Monday, December 21, 2020

A Girl is a Body of Water

  A Girl is a Body of Water
Author:  Jennifer Nansubuga Makumbi
Publication Information:  Tin House Publishing. 2020. 560 pages.
ISBN:  1951142047 / 978-1951142049

Book Source:  I received this book through NetGalley free of cost in exchange for an honest review.

Opening Sentence:  "Until that night, Kirabo had not cared about her."

Favorite Quote:  "Remember, be a good person, not a good girl. Good girls suffer a lot in this life."

"Apparently, both women and the sea were baffling, changeful:  today they are this, tomorrow they are that ... Water has no shape, depending on where it flows. The sea is inconsistent, it cannot be tamed, it does not yield to human cultivation, it cannot be owned; you cannot draw borders on the ocean. To the ancients, women belonged with the sea..."

This the story the ancients told to establish the control of a patriarchal Ugandan world in which twelve year old Kirabo is growing up. "Stories have such power you cannot imagine. that one turned women into migrants on land. Since then, women have been rootless - moved not just across places but clans, tribes, national, even races."

Kirabo is being raised by her grandparents - her father's parents. Her father lives in the city and visits occasionally. Her mother is a mystery that Kirabo wants to unravel. Who is she? Where is she? Why does she not want Kirabo?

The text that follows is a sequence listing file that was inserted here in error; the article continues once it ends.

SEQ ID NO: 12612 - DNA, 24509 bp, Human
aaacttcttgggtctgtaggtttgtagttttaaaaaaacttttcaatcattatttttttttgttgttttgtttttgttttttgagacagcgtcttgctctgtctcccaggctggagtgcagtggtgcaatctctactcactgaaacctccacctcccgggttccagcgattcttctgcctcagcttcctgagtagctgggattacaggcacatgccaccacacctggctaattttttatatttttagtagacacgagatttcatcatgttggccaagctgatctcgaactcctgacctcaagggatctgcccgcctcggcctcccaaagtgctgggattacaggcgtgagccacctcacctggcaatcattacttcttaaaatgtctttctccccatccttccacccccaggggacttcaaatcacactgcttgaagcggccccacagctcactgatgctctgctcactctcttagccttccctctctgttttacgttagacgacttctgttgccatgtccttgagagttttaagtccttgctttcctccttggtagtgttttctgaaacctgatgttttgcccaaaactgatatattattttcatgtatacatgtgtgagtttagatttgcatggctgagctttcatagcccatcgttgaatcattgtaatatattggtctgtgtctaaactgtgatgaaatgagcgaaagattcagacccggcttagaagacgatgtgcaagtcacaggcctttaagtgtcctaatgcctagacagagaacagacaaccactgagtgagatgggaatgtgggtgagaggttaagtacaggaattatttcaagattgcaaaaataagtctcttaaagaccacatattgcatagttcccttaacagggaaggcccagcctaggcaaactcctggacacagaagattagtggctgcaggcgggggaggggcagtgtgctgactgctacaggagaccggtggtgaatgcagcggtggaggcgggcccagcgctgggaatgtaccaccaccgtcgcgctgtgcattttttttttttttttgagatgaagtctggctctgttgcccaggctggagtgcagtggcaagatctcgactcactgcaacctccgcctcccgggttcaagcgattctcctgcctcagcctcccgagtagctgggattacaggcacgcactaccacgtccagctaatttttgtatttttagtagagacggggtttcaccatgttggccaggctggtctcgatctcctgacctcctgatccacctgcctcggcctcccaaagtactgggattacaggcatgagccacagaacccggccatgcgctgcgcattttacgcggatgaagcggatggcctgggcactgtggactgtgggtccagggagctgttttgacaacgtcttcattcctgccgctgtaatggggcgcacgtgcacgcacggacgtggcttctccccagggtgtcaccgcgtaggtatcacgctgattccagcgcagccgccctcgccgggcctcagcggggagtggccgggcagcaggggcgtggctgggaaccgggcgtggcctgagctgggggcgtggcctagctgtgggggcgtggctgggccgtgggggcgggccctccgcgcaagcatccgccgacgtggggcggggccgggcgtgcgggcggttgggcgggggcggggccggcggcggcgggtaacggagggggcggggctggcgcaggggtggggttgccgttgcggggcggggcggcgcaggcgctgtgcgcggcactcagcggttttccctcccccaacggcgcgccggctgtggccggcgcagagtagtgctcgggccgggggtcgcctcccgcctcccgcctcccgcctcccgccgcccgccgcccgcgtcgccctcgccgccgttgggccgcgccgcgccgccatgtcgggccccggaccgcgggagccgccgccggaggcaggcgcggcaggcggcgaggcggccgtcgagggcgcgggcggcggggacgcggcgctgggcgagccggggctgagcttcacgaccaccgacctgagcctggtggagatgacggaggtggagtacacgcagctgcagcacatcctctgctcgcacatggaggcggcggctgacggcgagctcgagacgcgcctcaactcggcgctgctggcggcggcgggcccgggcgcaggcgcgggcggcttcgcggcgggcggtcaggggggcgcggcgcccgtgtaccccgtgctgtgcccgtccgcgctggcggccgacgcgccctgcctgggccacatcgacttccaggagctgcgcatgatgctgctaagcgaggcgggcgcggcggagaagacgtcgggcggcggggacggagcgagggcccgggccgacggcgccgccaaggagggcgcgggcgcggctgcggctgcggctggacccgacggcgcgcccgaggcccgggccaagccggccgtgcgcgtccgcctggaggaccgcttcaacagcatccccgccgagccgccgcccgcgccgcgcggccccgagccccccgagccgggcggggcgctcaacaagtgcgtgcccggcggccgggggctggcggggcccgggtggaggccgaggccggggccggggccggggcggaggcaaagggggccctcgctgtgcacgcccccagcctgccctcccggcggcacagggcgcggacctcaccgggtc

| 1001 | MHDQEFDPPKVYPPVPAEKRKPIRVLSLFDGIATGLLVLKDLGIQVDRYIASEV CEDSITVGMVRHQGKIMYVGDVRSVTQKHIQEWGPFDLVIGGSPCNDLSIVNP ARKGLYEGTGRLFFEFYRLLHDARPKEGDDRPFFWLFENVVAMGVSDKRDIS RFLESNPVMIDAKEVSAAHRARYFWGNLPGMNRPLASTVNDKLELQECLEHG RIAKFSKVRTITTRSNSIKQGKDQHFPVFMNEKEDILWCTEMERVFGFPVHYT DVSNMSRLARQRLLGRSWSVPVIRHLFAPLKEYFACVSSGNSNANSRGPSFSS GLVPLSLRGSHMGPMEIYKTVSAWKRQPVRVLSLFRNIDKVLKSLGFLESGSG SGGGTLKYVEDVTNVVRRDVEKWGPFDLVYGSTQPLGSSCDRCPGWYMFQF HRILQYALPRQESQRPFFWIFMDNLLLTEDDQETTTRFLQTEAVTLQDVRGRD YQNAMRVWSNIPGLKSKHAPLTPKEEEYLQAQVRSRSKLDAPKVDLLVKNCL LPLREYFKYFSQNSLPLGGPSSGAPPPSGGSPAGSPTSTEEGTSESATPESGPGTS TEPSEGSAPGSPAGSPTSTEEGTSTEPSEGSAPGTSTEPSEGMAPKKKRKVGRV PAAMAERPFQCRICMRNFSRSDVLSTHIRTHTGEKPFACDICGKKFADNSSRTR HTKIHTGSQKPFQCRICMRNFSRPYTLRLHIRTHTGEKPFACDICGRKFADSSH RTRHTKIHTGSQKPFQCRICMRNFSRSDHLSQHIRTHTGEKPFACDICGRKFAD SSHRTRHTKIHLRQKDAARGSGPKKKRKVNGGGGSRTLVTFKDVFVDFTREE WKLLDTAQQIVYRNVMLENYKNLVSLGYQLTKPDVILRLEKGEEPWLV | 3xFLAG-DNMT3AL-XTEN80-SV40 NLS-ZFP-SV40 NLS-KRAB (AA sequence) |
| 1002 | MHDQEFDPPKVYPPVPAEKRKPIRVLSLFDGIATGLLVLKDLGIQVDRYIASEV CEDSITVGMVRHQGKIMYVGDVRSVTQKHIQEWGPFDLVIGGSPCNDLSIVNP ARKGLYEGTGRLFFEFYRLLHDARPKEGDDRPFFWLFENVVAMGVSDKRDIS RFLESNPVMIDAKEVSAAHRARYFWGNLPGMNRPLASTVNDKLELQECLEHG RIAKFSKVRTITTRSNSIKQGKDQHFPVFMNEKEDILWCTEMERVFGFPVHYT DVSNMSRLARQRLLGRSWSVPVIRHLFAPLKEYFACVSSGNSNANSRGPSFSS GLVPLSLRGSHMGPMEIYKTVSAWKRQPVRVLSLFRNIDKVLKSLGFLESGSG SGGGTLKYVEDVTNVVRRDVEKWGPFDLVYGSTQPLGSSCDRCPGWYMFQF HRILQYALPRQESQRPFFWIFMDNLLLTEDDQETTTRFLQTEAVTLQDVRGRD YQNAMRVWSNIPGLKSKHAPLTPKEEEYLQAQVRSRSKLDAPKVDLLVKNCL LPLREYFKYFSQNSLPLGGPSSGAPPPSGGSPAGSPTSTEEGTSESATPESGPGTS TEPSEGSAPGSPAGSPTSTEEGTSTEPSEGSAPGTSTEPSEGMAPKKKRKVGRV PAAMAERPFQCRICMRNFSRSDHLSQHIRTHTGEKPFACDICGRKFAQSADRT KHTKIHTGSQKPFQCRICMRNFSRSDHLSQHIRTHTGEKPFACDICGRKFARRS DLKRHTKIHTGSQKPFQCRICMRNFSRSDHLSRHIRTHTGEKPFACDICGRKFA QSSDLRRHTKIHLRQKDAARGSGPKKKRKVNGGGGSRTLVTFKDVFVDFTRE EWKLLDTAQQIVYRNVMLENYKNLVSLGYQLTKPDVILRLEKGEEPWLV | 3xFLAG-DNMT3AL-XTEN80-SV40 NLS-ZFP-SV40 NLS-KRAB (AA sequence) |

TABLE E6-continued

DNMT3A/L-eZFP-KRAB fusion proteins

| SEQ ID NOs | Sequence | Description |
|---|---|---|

Although the main character is Kirabo, this is the story of many women, each depicting some aspect of the patriarchal, male dominated society. Kirabo, Alikisa, Ya, Abi, Gayi, Nnambi, Nsuutta, Nnakku, Giibwa, and other that I have possibly forgotten. Their stories are centered in the decisions and actions of the men in their lives - mainly Miiro, Tom, and Sio.

These characters are all interconnected and part of the whole picture being painted about being a woman and finding a voice and a place in this society. However, there are a lot of characters and it takes a long while to figure out which ones to remember and pay attention to. It seems like I get the main idea of the story and some of the character but there are likely details and story lines I missed as well. Some of the stories are not well developed and leave me wishing the book had dived deeper into that character of story thread.

The beginning of the book introduces an element of magical realism. Unfortunately, that story never develops or goes anywhere. I would love to know if that depiction of a woman's natural state and the way it is housed within a person has to do with Ugandan history or mythology. The books never explains it.

One main reason for my choosing this book is its setting in Uganda. This is possibly the first book I have read set in that nation and culture. The book mentions some of the political struggles in the nation, but that history is not central to this story. The key point of the book is the male-dominated, patriarchy which is clearly depicted. The language and some of the rites and festivals provide insight into culture as well. Diversity and representation in literature matters, and I find fiction a way of introduction to worlds I know nothing about.

The main theme of the book comes together, but perhaps fewer characters and greater depth to each would have created a story that resonated more emotionally.

Please share your thoughts and leave a comment. I would love to "talk" to you.

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